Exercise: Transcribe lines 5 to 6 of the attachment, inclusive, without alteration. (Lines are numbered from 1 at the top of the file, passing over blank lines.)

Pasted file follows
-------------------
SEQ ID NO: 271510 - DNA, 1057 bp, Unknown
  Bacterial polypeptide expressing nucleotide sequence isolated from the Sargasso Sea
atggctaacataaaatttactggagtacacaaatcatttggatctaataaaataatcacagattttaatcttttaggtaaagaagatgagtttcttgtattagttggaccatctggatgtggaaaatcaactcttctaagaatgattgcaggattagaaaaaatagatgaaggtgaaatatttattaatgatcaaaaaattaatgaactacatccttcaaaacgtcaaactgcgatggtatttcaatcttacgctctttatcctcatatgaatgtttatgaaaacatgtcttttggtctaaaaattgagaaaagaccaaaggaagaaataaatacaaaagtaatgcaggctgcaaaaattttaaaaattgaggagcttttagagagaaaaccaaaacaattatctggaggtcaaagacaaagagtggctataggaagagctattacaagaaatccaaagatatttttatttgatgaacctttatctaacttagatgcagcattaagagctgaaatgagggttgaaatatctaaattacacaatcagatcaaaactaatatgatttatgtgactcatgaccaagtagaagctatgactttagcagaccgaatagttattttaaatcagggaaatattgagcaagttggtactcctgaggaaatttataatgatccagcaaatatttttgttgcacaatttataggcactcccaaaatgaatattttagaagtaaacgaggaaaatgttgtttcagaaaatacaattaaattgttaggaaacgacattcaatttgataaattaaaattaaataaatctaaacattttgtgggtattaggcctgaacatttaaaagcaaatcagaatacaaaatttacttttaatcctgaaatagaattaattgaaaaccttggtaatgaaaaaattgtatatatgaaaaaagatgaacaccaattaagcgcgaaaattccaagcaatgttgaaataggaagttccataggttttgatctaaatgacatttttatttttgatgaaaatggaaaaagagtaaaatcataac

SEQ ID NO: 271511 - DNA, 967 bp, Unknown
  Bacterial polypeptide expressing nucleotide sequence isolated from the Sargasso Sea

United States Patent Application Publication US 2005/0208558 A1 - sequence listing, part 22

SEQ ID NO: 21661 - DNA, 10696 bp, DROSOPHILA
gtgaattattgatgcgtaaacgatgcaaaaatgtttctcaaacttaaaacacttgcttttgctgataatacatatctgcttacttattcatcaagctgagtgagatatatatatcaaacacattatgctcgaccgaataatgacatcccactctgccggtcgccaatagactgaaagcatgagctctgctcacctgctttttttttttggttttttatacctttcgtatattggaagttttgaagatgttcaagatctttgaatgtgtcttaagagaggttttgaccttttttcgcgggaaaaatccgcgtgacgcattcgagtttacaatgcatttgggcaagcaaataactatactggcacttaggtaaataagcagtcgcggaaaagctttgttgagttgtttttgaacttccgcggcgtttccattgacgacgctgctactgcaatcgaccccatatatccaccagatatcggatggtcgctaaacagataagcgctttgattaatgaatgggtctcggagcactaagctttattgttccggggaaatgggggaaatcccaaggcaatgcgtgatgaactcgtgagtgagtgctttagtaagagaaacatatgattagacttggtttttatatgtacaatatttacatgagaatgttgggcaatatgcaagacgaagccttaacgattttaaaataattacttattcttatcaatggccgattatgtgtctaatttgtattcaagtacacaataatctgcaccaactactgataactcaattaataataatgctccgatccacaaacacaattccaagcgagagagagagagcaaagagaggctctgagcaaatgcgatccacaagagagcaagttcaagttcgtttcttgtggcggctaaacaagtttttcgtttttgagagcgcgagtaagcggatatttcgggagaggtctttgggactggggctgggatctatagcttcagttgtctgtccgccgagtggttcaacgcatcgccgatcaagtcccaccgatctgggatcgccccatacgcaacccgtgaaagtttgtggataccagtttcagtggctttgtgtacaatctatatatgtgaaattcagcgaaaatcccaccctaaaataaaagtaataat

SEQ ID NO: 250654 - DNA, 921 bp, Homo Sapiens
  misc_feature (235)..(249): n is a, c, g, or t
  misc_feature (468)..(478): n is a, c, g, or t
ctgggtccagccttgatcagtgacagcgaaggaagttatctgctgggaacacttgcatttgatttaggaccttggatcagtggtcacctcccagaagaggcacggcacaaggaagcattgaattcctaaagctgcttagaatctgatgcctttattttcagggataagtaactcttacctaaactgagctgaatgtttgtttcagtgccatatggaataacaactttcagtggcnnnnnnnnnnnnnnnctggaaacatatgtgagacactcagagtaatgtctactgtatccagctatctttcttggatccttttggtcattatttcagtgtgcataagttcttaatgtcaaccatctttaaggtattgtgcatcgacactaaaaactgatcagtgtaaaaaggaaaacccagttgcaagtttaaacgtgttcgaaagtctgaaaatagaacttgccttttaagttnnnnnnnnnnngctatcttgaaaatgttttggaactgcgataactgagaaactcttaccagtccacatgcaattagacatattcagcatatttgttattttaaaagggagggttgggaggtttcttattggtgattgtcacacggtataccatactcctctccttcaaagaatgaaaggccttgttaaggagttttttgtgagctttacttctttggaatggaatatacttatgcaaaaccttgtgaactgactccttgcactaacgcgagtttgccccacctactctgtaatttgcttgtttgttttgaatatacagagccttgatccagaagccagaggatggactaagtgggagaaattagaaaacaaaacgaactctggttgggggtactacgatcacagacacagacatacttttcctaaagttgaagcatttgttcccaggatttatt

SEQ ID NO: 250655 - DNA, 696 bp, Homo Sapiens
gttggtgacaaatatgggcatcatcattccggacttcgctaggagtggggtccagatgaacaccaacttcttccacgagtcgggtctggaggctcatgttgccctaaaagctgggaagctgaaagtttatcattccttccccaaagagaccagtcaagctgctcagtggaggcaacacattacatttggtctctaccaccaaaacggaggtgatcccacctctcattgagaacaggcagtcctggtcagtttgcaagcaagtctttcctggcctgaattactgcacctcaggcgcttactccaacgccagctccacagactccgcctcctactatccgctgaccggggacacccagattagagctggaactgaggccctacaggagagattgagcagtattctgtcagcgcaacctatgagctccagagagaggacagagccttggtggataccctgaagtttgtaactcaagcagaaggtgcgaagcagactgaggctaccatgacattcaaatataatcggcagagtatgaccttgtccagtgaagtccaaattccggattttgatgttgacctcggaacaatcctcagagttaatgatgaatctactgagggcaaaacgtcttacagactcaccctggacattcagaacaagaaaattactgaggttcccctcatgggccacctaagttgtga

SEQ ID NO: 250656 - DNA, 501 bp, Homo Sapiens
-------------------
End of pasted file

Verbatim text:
  Bacterial polypeptide expressing nucleotide sequence isolated from the Sargasso Sea

United States Patent Application Publication US 2005/0208558 A1 - sequence listing, part 22